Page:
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Credit Insights

Credit Spreads Rally Tighter, but Bond Prices Fall as Interest Rates Rise

Barring a re-emergence of the sovereign debt crisis or some other global calamity, interest rates will probably continue to head higher over the near to medium term.

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The credit market resumed its rally last week as corporate credit spreads tightened 6 basis points on average, with the Morningstar Corporate Bond Index dropping to 183 basis points over Treasuries. We think credit spreads will continue to constrict over the next few months and may tighten back to last April's levels (+134). However, prices on corporate bonds declined as the rise in interest rates more than offset the credit spread tightening. For example, the 10-year Treasury bond widened out 30 basis points to 2.30%. While we don't make explicit interest rate forecasts, it appears to us that barring a re-emergence of the sovereign debt crisis or some other global calamity that drives a flight to Treasuries, interest rates will probably continue to head higher over the near to medium term.

The preponderance of the increase in interest rates began soon after the Fed released its statement after the Federal Open Market Committee meeting. In the statement, the Fed highlighted that it is seeing further economic improvement (moving to "moderate" from "modest") and strains in the global financial markets have eased. In addition, the Fed acknowledged rising inflationary pressures as it noted the recent rise in crude oil and gasoline prices, although it continues to believe that longer-term inflation expectations are stable.

Based on the Fed's language, expectations for further quantitative easing or Treasury bond purchase programs diminished significantly. In addition, with the strains in the European sovereign debt and bond markets moderating, the demand for Treasuries as a safe-haven asset diminished as well. The Fed's current version of Operation Twist (selling short-dated Treasuries and buying long-dated Treasuries) will probably end this summer. Without demand from either the Fed or driven by the flight to a safe-haven asset, the remaining buyers of Treasury bonds will be more focused on economic returns as opposed to noneconomic factors.

Historically, longer-dated Treasury bonds provide a real rate of return over inflation. Bob Johnson, Morningstar's director of economic analysis, forecasts an average inflation rate of 2.5% for 2012, and the CPI is currently running at a 2.9% rate. While the range of the real return over inflation has varied over time, we can easily see the 10-year Treasury bond rising toward 3%. If the 10-year Treasury were to increase by 70 basis points, that would more than offset the 50 basis points of credit spread tightening we envision. As such, even in a rally in corporate credit spreads, investors could lose value as the price of corporate bonds decreases, although the decline in corporate bonds will be much less than Treasury bonds. So, investors may either look to invest in shorter- or medium-duration bonds whose price would not be as affected by rising rates, or invest in floating-rate securities.

New Issue Commentary
Philip Morris Issuing New Notes, but Lorillard Has More Upside (March 14)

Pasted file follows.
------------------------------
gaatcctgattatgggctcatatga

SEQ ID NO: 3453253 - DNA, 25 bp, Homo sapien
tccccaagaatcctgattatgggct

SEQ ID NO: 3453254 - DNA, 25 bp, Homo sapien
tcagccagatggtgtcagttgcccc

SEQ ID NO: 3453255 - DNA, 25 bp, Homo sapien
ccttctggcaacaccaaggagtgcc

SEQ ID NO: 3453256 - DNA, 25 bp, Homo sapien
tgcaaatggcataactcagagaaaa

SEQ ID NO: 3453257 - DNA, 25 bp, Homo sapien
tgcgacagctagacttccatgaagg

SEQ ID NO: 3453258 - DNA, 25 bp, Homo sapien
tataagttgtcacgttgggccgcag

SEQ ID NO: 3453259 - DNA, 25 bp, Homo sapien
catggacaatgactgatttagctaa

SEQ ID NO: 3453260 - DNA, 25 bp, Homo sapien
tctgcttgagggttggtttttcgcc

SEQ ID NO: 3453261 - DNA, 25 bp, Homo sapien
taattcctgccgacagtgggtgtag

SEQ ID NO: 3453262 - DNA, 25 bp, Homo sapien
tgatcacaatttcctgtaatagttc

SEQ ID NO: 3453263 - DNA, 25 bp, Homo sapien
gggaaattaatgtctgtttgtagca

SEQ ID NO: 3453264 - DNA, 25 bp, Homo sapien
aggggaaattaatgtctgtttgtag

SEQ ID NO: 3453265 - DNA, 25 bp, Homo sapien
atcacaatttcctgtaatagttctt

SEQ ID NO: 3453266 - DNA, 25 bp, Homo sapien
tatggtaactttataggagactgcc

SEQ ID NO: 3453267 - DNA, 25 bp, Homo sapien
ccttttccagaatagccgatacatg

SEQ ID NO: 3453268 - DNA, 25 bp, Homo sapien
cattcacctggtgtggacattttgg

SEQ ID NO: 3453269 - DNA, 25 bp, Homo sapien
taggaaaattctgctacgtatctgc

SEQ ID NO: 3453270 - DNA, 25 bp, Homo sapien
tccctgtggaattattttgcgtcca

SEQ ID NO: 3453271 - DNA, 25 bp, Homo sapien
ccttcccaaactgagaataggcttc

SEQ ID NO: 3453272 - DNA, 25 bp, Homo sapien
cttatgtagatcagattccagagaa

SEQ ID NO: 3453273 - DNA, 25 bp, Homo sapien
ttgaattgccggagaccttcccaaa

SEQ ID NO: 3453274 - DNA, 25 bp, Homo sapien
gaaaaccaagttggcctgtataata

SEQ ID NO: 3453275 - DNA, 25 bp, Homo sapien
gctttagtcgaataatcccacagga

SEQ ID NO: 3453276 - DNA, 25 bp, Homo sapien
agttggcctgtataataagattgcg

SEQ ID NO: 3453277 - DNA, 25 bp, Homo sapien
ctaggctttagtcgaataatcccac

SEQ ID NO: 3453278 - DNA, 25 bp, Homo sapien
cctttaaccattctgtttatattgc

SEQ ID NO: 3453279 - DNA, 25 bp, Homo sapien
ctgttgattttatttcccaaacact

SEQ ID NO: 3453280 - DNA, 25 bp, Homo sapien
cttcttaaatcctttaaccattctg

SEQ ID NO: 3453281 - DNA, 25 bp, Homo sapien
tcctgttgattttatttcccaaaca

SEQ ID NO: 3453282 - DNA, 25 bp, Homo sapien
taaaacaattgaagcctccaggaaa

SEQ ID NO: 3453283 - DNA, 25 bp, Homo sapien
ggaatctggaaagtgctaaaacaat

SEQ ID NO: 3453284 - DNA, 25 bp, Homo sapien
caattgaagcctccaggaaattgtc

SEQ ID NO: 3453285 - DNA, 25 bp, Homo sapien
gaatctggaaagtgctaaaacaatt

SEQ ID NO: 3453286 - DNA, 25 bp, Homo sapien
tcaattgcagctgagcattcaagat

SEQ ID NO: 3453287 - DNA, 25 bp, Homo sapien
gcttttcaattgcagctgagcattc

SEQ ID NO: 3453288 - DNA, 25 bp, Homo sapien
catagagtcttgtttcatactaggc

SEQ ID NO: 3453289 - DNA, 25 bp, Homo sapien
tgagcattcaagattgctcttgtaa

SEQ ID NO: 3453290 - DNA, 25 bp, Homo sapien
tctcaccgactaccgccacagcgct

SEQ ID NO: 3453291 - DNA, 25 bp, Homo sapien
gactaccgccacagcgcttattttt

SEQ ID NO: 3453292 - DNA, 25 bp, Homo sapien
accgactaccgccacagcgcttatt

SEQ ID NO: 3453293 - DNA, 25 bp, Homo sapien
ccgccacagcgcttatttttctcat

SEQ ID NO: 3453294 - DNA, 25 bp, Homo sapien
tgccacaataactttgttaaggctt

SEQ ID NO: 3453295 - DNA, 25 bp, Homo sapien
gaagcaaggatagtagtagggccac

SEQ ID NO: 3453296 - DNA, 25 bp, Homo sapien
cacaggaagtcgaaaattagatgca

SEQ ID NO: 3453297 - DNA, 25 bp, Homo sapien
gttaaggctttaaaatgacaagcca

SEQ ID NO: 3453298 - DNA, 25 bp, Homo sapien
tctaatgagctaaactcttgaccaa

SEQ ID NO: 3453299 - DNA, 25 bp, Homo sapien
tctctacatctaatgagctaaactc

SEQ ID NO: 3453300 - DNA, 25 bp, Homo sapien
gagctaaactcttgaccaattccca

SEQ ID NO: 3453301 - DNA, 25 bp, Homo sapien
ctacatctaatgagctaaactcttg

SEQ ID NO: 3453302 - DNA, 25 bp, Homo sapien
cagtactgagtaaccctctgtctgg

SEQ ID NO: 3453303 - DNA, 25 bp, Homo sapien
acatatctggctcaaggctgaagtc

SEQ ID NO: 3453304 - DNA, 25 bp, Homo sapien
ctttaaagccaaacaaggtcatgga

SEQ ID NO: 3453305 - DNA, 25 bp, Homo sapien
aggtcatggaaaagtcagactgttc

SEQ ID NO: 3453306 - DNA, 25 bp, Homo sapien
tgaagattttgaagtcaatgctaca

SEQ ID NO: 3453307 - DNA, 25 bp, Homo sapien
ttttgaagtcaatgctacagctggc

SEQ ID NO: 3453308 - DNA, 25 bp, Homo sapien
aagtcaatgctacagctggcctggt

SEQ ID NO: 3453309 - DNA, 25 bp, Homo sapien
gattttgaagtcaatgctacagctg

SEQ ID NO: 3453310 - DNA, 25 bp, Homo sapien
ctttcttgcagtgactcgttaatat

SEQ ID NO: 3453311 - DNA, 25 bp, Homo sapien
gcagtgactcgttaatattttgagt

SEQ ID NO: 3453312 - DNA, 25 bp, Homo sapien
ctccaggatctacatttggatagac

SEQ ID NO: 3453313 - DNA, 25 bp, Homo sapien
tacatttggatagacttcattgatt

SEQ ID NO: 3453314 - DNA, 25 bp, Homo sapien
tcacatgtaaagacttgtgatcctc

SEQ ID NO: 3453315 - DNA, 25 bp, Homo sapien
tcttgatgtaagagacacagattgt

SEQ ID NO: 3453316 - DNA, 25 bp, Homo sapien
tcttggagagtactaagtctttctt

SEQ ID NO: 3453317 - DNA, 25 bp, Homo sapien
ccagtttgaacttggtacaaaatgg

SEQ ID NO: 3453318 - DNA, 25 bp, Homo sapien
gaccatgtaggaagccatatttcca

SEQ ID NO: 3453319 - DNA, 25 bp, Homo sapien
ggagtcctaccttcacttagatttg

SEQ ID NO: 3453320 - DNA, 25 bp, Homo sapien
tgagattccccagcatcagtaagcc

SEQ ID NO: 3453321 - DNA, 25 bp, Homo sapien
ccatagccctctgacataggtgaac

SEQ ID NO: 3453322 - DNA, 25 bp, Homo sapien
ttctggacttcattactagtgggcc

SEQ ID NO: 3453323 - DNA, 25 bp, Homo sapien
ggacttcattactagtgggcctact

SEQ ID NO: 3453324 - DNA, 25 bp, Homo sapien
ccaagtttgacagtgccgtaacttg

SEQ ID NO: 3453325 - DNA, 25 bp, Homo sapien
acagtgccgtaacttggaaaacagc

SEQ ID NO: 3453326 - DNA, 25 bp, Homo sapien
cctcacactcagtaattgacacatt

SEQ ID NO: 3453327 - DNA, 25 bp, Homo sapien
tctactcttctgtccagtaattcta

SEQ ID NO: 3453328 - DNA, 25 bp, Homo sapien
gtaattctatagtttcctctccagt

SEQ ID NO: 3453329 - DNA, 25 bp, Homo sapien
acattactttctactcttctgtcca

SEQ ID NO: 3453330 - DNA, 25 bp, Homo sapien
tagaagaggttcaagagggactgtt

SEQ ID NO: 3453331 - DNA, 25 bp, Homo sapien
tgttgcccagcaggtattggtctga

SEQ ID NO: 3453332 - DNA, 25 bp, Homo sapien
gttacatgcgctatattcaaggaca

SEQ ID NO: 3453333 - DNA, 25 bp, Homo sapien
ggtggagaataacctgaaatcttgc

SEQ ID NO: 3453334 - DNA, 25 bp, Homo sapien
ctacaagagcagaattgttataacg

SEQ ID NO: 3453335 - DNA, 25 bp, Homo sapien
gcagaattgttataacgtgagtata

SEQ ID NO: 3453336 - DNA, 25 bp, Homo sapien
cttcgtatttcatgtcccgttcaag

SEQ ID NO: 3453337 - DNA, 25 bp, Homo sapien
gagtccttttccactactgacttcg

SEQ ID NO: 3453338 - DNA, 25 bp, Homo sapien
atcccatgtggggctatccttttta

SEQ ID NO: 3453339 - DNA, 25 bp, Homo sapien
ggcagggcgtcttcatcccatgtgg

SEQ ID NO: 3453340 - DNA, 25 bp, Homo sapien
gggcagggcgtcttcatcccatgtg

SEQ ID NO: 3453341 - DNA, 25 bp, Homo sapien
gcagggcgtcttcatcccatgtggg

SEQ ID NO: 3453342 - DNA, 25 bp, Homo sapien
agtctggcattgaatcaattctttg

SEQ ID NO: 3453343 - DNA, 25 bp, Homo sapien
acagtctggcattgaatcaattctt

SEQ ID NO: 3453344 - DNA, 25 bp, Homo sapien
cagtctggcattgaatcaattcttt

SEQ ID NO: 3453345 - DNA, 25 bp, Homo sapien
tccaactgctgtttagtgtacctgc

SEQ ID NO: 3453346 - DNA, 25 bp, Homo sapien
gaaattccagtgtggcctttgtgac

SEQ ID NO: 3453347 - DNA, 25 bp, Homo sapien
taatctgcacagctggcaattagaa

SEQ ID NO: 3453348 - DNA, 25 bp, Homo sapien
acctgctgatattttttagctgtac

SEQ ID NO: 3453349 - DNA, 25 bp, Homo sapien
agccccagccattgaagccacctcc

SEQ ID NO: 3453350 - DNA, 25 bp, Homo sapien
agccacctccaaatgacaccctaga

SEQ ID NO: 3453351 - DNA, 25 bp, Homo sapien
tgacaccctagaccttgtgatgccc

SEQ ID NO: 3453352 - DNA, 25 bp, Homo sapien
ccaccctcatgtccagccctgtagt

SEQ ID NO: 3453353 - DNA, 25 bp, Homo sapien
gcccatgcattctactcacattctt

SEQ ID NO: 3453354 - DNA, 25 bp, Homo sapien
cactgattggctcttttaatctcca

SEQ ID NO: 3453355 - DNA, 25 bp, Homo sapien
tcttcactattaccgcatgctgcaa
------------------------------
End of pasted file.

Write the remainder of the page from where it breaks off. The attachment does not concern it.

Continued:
Philip Morris (ticker: PM, rating: A) is reportedly issuing debt Wednesday morning consisting of 5- and 30-year notes in benchmark size. Considering Philip Morris' 2.50% senior notes due 2016 and 4.375% senior notes due 2041 are indicated around 60 and 110 basis points above Treasuries, respectively, we expect the new 5- and 30-year bonds will be priced around 65 and 125 basis points above Treasuries. We don't think there will be very much concession on the 5-year bond and only 10-15 basis points of concession on the 30-years. We think Philip Morris' existing bonds are fairly valued and will move in line with the market. If the new 30-year does come at a 15-basis-point concession, the bonds may initially pop toward where the 2041s are trading, but will probably level off in that context. As a comparison, Altria's (ticker: MO, rating: BBB) 4.125% senior notes due 2015 trade around 61 basis points above Treasuries and its 4.75% senior notes due 2021 look slightly cheap at 170 basis points above Treasuries.

In the tobacco sector, we think Lorillard (ticker: LO, rating: BBB) notes, which have long been on our best ideas list, have significantly more upside. Lorillard's 6.875% senior notes due 2020 currently trade around 237 basis points above Treasuries. The spread is significantly wider than the other tobacco names as Lorillard's revenue depends on the menthol category. The Food and Drug Administration has been examining the menthol category to determine if additional restrictions or an outright ban on menthol products should be instituted. While the headlines surrounding the release of the panel's conclusions may sound dire, we think an outright ban is highly unlikely. The scientific evidence is ambiguous, local governments would lose a substantial amount of tax revenue, a black market for menthol could emerge, thus limiting the FDA's ability to control the category, and 80% of menthol smokers are minorities. We expect the FDA will impose greater restrictions on the marketing and perhaps the availability of menthol cigarettes, which is incorporated in our forecast.

Nevertheless, any restrictions imposed on the menthol category are likely to hurt Lorillard more than its more diversified peers. Once the FDA releases its conclusions, and assuming our opinion is correct, we expect credit spreads for Lorillard's bonds to tighten significantly and should trade at about a 25-basis-point discount to Altria. Given where Altria is currently trading, that could provide investors with 3 points of upside potential.